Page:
Raising Steam by Terry Pratchett

The late Terry Pratchett was a genius, there’s no other way to put it. His creation of the Discworld has kept me entertained for many years, and although his style changed a bit with the onset of Alzheimers his later books were still very, very good. Raising Steam was the only novel of his that I hadn’t read before (not including the Shepherd’s Crown which isn’t out until next month) and when I bought it for my Dad’s birthday, I knew I would get to read it when he had finished!

The book centers on the character of Moist von Lipwig, a talented con-man and scoundrel who is also in charge of the Royal Bank and the Post Office through rather odd circumstances dealt with in Pratchett’s other books. There is also a whole host of other recognisable Ankh-Morpork characters such as Sam Vines and the City Watch, City ruler/tyrant and assassin Lord Vetinari, trolls, dwarfs, vampires, goblins, and the endearingly Yorkshire Dick Simnel, the inventor of the steam engine. For those of you who have no idea what I’m on about at this point, I apologise, but you really need to read the Discworld novels to keep up. Basically, this one is set in an alternate magical universe which roughly coincides with our British industrial revolution.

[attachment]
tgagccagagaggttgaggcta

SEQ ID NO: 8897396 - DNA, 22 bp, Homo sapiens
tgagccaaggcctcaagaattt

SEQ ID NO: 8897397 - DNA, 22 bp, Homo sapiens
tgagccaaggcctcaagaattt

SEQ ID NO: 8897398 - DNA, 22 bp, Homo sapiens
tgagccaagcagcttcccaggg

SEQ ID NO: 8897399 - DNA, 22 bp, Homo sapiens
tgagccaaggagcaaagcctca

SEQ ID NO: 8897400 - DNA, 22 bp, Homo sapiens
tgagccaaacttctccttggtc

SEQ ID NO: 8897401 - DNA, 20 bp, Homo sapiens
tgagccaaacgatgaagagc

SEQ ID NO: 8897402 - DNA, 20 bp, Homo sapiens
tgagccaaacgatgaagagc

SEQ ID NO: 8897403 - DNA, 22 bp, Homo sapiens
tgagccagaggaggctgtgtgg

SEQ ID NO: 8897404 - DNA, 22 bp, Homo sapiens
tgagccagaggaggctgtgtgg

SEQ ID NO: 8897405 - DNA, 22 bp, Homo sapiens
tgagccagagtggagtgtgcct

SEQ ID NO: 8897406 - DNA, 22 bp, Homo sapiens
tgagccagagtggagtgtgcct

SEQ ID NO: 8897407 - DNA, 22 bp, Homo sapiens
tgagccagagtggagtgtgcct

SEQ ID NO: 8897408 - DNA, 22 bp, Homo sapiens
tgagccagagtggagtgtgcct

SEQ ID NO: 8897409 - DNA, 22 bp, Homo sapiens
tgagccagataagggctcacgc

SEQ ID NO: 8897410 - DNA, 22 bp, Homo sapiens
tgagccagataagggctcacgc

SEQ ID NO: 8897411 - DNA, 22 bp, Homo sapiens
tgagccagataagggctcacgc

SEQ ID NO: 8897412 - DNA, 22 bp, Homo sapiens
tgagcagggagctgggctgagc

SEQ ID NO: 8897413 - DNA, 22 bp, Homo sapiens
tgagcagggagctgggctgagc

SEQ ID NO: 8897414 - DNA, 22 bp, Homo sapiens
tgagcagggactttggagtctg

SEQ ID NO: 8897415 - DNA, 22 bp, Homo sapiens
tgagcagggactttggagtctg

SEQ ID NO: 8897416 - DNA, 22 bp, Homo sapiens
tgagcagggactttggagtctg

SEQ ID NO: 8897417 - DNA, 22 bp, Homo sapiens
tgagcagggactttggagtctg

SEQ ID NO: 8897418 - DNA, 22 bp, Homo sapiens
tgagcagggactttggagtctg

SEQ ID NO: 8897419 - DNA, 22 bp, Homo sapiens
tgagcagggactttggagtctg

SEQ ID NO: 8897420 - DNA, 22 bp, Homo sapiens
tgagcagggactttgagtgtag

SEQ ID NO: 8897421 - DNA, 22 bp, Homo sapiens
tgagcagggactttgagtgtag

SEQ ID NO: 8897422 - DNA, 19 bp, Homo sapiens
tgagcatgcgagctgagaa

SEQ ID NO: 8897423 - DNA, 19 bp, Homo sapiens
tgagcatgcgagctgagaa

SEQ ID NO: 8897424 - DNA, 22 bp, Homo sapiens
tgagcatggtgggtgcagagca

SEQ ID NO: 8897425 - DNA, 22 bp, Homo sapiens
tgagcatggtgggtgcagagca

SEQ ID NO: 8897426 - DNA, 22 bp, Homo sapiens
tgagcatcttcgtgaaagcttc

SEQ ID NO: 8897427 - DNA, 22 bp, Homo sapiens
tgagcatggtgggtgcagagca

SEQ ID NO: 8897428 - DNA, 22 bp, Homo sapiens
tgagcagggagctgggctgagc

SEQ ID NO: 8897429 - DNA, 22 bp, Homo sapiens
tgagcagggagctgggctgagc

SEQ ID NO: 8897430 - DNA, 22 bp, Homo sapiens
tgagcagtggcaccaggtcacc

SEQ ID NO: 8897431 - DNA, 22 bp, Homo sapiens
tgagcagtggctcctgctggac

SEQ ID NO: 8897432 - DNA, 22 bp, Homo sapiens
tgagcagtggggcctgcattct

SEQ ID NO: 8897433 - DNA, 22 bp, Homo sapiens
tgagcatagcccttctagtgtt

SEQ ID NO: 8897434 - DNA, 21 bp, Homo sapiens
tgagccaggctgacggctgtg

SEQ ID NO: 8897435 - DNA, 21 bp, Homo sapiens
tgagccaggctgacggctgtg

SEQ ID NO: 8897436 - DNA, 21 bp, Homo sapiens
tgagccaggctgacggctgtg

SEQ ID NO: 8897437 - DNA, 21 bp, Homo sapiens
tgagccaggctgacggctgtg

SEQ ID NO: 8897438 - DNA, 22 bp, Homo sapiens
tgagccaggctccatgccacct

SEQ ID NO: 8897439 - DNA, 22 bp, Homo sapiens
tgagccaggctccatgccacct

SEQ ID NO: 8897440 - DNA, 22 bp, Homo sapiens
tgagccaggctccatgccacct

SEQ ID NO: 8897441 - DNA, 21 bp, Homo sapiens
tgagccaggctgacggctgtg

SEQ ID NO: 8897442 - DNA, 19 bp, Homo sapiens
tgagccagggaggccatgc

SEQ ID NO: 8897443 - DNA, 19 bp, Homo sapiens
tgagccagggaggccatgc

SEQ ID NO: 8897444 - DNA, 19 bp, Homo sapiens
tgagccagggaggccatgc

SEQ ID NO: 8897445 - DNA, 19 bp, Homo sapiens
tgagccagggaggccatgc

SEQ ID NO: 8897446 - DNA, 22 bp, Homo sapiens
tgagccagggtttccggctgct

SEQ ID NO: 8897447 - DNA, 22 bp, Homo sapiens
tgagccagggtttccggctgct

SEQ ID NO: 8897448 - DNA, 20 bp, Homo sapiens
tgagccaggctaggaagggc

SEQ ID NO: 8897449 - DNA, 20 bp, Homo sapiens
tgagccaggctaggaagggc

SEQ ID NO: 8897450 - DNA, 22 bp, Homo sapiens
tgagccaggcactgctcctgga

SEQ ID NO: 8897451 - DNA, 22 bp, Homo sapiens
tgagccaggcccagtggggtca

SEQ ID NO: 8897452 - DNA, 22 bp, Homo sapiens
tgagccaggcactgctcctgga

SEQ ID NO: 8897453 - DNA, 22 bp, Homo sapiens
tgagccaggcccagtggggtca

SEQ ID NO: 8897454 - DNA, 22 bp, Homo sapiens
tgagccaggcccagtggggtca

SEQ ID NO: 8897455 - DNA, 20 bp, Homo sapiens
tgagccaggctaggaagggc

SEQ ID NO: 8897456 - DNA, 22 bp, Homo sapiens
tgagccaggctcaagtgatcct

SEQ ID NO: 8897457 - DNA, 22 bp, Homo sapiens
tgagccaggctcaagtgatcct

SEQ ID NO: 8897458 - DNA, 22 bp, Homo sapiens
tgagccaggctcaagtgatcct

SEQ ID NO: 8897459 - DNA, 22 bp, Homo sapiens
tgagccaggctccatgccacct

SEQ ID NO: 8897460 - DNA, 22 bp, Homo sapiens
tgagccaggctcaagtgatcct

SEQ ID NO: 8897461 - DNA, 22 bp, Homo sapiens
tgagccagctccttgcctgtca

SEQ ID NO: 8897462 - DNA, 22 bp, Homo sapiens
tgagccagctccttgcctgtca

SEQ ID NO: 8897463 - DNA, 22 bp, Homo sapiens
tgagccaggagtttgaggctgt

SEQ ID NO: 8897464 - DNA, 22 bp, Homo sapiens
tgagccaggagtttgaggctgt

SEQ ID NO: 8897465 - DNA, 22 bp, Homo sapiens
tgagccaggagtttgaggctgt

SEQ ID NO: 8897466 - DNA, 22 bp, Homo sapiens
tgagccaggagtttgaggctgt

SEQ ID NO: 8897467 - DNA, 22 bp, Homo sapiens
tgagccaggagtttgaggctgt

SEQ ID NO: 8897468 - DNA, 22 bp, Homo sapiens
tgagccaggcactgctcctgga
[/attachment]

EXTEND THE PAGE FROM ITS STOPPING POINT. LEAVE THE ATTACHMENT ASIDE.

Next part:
The railway is big news obviously, and becomes vital when a Dwarf civil war threatens in Uberwald (think Transylvania). The grags (uber strict dwarfs who don’t approve of anything un-dwarfish… like sunlight) try to remove the Low King and it is up to Moist to get Simnel’s train up and running, and return the Low King from a meeting with the Diamond King of the Trolls to Uberwald before the crazy grags take over (and Vetinari decides Moist is no longer worth keeping around- he is a tyrant after all, he can do these things).

Pratchett’s amazingly well written characters and humour shines throughout the book and it is very much one I didn’t want to put down- I have to admit a 5 hour stint yesterday to finish it while feeling ill and sorry for myself in bed! The plot doesn’t sound like a lot, but Pratchett’s skill was in the interaction between characters and the small, funny events and comments that make up everyday life, rather than an epic adventure tale. Once again, he sucks you into the Discworld universe, and I can’t wait to return and re-read some of his books. As heartbroken as I was when he died, he did leave a wonderful legacy, and this book is another fantastic piece of it.


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